Whilst I appreciate the elegant simplicity of bikes that are not festooned with every bracket, trinket, and contrivance going… this bike needed to be able to carry fenders, a rack, and some water bottles.  Working in Our Community Bikes has given be a loathing of poorly thought out attachments for these things that require bending of brackets, plastic clips, or other paraphernalia to get them attached.  I want to be able to drill a hole in my fender and bolt it straight on.  I think Paul was a little mystified by my keen attention to the placement of fender bridges and attachment holes on the frame, but he humored me as I got the hang of silver-brazing these things all over the place.  It’s worth noting at this point that I disliked silver brazing very much.  Sure, you get a nice neat joint and it’s much easier than welding… but all that messy flux, the soot and smoke and the big flame of the torch? Yuck.  I’m going to weld them on next time if I can learn to weld such tiny things successfully.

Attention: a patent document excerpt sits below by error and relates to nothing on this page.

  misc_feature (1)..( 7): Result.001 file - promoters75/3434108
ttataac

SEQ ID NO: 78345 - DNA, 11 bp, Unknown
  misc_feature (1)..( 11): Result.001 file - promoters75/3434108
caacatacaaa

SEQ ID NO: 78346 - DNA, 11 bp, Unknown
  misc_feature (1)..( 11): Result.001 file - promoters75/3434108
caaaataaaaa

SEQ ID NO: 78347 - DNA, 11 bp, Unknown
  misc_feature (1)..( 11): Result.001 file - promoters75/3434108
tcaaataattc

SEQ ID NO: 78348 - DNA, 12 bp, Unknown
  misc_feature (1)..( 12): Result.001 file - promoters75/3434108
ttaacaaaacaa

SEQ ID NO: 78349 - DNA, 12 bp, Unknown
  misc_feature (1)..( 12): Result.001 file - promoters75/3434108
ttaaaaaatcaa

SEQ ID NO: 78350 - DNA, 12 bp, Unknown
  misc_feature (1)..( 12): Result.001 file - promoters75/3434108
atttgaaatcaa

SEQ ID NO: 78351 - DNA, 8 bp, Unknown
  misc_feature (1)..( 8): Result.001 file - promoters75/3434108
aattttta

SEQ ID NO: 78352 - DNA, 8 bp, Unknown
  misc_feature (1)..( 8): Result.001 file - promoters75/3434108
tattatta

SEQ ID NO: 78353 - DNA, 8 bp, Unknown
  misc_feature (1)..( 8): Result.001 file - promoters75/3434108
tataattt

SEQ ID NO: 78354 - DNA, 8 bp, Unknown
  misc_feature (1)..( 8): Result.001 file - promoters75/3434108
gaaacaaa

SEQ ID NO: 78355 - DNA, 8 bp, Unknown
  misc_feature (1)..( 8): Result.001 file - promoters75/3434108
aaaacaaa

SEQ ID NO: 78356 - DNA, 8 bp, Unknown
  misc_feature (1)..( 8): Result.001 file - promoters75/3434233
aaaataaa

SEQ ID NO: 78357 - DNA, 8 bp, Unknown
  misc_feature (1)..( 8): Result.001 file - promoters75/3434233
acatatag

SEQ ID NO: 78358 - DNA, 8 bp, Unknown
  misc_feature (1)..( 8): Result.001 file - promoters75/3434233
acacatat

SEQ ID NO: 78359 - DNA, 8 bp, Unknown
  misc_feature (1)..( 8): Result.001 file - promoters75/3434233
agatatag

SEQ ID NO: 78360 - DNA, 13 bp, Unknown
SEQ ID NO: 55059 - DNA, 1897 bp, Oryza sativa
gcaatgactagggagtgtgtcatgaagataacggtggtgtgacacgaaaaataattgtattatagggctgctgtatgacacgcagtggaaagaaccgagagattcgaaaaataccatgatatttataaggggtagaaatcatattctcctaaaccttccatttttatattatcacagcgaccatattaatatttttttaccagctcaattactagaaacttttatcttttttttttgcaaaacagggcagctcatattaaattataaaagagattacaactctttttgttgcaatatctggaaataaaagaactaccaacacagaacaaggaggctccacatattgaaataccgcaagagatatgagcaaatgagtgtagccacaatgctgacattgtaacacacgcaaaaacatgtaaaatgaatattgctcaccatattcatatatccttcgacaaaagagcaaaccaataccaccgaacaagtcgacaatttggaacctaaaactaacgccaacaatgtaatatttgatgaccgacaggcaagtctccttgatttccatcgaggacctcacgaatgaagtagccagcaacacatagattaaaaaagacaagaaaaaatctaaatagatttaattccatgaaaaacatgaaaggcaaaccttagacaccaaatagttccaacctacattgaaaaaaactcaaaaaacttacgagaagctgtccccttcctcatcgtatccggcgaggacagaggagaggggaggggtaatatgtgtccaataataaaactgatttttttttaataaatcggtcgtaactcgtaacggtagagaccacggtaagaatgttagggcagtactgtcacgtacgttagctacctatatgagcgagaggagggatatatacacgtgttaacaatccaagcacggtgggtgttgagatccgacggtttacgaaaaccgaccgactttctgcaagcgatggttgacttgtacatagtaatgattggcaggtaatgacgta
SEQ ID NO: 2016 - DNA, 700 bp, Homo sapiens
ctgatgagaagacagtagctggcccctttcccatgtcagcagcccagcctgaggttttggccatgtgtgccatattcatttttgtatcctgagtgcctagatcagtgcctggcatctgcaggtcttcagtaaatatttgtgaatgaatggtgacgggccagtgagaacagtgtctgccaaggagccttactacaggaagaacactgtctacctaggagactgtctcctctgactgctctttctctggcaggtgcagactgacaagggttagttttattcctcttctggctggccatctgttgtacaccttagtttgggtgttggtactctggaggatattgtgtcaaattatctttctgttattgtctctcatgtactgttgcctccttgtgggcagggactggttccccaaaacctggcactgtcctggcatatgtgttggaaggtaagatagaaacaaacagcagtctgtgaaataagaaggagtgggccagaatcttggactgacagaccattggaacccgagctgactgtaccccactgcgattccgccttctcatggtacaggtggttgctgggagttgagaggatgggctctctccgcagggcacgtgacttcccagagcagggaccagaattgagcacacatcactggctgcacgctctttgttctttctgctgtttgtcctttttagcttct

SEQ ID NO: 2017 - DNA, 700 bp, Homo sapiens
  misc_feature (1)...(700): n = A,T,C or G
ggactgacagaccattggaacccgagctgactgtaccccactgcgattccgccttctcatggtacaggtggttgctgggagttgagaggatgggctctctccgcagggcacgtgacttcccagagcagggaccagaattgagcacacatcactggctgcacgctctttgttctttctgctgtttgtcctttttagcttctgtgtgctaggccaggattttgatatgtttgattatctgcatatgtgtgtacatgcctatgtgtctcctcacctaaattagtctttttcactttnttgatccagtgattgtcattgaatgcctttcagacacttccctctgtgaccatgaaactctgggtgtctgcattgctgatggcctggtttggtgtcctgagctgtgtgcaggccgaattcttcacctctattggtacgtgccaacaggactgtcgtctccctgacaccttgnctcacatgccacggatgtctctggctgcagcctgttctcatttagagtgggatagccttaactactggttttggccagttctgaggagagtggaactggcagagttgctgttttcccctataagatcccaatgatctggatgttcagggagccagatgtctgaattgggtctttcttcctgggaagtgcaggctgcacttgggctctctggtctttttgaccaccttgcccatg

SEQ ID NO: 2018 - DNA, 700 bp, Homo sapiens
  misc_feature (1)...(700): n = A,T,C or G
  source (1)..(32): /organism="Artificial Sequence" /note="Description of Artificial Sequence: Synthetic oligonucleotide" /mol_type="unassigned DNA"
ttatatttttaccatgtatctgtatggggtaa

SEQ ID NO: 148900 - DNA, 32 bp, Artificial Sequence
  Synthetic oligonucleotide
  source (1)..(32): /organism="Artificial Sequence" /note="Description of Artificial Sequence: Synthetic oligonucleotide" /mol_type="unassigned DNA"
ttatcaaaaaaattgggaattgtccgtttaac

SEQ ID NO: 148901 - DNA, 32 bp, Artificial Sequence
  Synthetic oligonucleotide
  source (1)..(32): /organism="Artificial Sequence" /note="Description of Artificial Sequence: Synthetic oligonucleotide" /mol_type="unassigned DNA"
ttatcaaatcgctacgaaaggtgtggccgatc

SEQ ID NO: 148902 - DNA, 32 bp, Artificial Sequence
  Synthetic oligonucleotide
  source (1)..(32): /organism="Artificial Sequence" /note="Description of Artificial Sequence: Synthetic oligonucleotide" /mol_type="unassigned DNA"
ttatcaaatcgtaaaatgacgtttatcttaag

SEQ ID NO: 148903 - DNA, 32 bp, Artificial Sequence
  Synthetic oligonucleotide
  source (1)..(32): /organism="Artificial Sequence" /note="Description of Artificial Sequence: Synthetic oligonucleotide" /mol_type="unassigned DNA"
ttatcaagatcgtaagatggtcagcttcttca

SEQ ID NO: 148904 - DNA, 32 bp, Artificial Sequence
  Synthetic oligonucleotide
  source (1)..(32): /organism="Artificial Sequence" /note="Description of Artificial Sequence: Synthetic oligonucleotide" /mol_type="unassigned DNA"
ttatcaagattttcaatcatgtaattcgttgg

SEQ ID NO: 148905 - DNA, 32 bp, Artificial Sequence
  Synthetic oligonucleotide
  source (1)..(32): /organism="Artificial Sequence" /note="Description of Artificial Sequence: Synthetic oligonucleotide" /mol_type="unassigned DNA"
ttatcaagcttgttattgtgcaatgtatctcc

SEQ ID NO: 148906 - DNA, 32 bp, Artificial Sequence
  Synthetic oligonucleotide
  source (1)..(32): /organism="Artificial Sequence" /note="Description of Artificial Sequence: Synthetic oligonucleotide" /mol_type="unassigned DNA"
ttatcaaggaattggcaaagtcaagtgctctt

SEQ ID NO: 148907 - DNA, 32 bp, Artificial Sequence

With my accessory attachments on and the flux cleaned away, all which was left was a round of reaming, facing, and tapping to clean up the threads and other surfaces of the frame where parts would attach.  My first frame, Kermit, was done! Fast forward a couple of weeks, one wedding, several aeroplane journeys, and a return to Vancouver I proudly showed off my creation to anyone who cared… and some who didn’t.  I thought Kermit would be languishing unpainted and unridden in storage until summer 2012 when Lina and I will return from China, but Conor had other ideas.  I had heard that YESS in nearby Surrey would powder-coat bike frames, and powder-coat was the finish of choice for an environmentally conscious bike builder who wants a durable finish.  Conor had contacted YESS and arranged to take our frames over on Friday morning where they would be done in an hour.  An hour? Unbelievable.  Struggling to accept that it could be this easy I couldn’t wait to see what Conor would bring along to our leaving party that evening.  So… on Paul and Angie’s excellent patio Kermit and I were re-united.  Kermit is a splendid green and the man at YESS even plugged all the holes to stop powdercoat getting into placed powdercoat shouldn’t be.  So Kermit is still unridden, but at least no-longer naked.  Kermit’s maiden voyage will hopefully be in August 2012 and l have a year to think up somewhere appropriate to go…